War of the Rebellion: Serial 080 Page 0107 Chapter LII. THE RICHMOND CAMPAIGN.

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Question. Do you think you could have maintained yourself in that position if you had been supported by troops that were known to have been in the crater at that time?

Answer. No, sir; I do not think we could, considering our condition. There were no two companies together. The officers were shot down and the troops were very much dispirited. They were all in there just as thick as they could possibly stick. The orders were to advance and take the crest of that hill at once, and I went right over with all the men I could gather, supposing that all the rest would follow. Not more than 150 or 200 men out of the three regiments went outside.

Question. Did you troops sustain a good deal of loss in that affair?

Answer. Yes, sir; I lost nearly half; and 7 officers out of 11.

By the COURT:

Question. Do you thin that if you had advanced on the right of left of the crater, where the ground was more practicable, you would have done better?

Answer. Yes, sir; I think that if we had gone up there an hour before we could have carried the crest, for there was but little musketry fire at that time.

Question. Where were you during that interval?

Answer. In the covered way in rear of a battery of 4 1/2-inch guns.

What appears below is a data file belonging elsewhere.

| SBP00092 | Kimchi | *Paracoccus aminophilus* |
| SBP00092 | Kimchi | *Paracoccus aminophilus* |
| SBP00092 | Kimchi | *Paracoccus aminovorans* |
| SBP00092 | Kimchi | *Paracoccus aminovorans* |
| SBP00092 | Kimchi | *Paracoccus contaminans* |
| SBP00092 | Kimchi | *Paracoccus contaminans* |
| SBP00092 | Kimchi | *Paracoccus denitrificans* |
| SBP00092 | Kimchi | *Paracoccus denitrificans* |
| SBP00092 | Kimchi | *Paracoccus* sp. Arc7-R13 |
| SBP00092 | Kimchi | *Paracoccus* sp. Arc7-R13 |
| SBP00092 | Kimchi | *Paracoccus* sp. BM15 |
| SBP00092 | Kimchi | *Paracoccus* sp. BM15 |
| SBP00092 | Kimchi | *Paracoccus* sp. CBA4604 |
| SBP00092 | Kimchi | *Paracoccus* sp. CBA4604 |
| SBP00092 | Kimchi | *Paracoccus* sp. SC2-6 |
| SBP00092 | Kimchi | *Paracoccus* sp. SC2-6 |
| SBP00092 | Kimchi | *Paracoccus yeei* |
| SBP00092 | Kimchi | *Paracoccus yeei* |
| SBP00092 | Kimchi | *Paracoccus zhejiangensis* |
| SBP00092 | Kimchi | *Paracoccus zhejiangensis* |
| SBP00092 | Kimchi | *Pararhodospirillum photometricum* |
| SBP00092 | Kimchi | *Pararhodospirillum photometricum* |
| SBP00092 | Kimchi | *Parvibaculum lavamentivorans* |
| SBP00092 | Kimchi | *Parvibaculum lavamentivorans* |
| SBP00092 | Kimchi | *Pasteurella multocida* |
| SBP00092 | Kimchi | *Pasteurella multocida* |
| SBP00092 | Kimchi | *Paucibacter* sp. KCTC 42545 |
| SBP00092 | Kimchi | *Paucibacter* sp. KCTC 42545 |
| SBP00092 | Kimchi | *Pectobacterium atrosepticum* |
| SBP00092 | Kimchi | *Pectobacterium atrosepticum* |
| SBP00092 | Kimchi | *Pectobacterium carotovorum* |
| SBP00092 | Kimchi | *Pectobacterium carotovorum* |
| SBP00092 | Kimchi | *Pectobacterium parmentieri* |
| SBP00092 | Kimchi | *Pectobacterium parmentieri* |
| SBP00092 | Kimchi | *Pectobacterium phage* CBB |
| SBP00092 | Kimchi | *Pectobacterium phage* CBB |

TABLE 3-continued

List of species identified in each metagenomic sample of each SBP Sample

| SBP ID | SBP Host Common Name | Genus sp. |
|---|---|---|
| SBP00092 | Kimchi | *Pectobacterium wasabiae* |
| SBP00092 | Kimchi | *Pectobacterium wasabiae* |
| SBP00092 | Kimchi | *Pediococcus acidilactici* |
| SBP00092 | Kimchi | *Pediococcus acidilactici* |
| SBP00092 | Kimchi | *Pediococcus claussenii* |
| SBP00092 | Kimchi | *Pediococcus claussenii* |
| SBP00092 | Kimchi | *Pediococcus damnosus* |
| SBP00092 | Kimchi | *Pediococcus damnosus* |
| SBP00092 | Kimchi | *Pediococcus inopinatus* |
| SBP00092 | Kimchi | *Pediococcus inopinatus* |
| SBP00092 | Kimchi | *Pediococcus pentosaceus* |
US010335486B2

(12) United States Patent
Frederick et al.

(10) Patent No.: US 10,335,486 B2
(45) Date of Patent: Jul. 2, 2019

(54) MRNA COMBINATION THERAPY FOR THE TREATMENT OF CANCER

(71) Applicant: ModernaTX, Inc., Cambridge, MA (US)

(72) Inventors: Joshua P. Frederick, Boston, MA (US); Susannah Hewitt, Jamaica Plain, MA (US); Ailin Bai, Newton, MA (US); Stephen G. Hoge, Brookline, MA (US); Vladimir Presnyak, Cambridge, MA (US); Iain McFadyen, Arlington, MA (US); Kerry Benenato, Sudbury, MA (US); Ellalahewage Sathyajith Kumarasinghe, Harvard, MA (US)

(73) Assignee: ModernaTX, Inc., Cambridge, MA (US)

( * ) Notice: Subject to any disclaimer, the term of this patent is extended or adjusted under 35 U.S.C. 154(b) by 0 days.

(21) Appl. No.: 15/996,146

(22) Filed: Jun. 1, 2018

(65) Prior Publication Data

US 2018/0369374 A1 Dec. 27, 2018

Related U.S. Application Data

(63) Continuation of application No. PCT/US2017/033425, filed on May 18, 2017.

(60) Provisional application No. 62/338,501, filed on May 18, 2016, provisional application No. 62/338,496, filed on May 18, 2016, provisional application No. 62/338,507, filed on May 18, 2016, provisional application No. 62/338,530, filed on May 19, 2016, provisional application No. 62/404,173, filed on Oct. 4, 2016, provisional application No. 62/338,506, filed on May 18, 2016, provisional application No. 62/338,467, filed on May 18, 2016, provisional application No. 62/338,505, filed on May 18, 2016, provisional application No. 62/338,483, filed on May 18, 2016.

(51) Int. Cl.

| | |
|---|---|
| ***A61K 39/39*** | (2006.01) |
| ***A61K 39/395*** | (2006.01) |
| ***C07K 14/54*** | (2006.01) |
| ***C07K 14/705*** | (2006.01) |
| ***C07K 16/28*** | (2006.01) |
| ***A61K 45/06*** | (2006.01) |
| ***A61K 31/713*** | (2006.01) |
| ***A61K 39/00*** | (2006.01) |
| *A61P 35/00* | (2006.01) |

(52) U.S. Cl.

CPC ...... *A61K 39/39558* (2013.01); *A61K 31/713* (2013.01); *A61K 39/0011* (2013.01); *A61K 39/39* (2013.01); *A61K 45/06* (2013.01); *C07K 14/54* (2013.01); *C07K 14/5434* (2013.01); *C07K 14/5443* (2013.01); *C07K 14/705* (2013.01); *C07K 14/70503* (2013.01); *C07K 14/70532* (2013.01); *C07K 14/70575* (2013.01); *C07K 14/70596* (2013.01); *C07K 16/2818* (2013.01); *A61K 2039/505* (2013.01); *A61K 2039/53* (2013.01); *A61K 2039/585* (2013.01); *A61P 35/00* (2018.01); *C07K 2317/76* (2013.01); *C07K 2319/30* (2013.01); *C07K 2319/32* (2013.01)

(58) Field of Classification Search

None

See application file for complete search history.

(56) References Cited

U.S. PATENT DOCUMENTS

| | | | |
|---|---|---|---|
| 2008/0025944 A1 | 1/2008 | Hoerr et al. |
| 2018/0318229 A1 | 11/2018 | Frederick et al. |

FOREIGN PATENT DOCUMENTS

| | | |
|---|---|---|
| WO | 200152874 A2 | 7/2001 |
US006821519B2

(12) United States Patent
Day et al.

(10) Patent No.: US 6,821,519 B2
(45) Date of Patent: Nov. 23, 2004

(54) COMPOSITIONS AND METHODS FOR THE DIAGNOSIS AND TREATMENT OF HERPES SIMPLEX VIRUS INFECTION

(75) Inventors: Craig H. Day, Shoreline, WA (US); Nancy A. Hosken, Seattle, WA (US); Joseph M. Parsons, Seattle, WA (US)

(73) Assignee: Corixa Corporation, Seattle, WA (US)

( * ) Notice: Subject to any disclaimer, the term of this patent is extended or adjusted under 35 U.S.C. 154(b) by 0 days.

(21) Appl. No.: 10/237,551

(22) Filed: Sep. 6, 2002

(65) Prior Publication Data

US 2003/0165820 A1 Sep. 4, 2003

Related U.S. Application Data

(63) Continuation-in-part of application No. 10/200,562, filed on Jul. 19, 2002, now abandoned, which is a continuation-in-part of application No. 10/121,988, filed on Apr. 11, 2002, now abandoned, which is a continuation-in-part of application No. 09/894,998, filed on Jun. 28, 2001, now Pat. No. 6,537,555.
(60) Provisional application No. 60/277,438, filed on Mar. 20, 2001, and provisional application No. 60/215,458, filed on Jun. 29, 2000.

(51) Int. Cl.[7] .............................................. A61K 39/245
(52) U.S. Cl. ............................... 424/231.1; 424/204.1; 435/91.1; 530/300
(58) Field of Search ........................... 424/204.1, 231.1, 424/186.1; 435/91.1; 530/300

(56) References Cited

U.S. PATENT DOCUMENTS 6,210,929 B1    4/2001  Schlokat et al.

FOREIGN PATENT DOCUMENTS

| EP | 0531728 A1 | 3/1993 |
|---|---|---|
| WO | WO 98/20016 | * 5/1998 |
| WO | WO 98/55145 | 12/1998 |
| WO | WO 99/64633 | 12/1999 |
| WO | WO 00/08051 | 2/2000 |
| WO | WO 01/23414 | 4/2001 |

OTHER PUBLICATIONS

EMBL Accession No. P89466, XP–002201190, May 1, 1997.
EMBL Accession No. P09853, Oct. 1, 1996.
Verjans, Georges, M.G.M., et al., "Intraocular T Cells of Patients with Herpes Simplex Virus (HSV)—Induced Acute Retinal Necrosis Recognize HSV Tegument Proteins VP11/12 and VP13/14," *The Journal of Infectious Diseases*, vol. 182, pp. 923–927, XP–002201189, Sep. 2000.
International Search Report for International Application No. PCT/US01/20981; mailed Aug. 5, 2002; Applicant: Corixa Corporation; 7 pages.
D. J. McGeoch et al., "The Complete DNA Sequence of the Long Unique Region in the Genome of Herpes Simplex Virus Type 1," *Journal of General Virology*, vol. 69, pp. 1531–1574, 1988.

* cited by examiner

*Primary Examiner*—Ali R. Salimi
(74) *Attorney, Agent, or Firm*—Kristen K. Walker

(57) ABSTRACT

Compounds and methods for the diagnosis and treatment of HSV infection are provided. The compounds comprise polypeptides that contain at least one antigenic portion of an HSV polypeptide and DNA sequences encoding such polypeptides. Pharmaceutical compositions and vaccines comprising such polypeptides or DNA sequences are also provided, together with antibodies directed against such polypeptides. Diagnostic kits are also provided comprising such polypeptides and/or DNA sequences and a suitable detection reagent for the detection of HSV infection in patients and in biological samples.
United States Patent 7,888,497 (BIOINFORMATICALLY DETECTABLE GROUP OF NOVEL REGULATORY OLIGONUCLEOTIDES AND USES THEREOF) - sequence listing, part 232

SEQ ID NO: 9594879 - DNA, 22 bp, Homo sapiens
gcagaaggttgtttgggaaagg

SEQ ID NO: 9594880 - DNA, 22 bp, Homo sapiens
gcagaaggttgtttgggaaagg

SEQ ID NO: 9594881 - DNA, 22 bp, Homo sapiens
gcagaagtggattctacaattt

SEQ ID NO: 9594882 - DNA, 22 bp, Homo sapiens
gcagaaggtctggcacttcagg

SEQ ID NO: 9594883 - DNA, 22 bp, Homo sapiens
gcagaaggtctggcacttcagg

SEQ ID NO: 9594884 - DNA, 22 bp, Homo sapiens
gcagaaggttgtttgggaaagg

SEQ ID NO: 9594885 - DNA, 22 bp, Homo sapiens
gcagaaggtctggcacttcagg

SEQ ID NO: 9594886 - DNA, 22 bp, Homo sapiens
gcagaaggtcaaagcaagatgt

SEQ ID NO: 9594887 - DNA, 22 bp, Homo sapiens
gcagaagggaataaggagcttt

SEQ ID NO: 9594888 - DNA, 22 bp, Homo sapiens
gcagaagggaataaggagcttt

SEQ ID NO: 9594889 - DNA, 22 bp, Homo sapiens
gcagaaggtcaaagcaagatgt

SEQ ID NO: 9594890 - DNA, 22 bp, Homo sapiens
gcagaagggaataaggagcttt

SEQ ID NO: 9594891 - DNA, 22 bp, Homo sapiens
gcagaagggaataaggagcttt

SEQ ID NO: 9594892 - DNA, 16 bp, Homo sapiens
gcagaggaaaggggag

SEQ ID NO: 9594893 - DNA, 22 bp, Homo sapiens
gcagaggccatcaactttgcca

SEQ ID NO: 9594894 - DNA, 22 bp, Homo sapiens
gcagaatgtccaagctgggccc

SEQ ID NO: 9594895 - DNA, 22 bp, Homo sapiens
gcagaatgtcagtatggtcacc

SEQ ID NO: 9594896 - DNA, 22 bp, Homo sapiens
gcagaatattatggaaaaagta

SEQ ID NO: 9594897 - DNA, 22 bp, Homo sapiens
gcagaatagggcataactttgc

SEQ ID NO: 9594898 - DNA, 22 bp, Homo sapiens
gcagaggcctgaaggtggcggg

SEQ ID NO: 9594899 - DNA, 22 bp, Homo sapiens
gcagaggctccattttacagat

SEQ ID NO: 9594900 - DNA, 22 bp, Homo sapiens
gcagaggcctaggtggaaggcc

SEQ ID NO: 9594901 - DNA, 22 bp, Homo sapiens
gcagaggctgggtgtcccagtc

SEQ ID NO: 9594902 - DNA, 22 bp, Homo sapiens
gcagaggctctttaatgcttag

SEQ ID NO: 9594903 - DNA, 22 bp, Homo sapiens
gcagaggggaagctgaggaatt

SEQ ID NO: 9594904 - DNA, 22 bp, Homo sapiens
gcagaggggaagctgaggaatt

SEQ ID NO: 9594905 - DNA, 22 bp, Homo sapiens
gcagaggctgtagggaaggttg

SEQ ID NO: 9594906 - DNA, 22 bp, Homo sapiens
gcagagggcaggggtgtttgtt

Question. Was the division commander around there?

Answer. The division commander was at the head of the division. I saw him when we went into the crater. I passed him and spoke to him. He was then on the left of the first line of rifle-pits by our people - I mean the most advanced line of rifle-pits.

Question. What did Colonel Sigfried's brigade do?

Answer. That brigade, instead of going into the crater, as near as I can tell, seemed to file to the right. At least that was my impression.

Question. Did they go over the enemy's breast-works?

Answer. I do not know, sir; my impression is that they did not.

Question. I mean the breast-works of which the crater was a continuation.

Answer. No, sir; I do not think they did.

By the JUDGE-ADVOCATE:

Question. Did you form any opinion as to the cause of that failure?

Answer. Yes, sir.

Question. What was it?

Answer. Delay. It was Lieutenant-General Grant who moved us up, about 5 o'clock, for we had not started from our bivouac in those woods at 5 o'clock. General Grant rode up and asked what brigade that was, and what it was doing there. That was some time after the explosion of the mine and the cannonading had commenced. General Grant told us to move on. The order was not given to me directly; it was given to Colonel Thomas. Then we moved into the covered way and remained there till 8 o'clock.

The Court adjourned to meet at 11 o'clock on the 2nd of September.

ELEVENTH DAY.

SEPTEMBER 2, 1864.

The Court met pursuant to adjournment.

Present, Major-General Hancock, Brigadier-Generals Ayres and Miles, and Colonel Schriver, judge-advocate.

The proceedings of the tenth day were read and approved.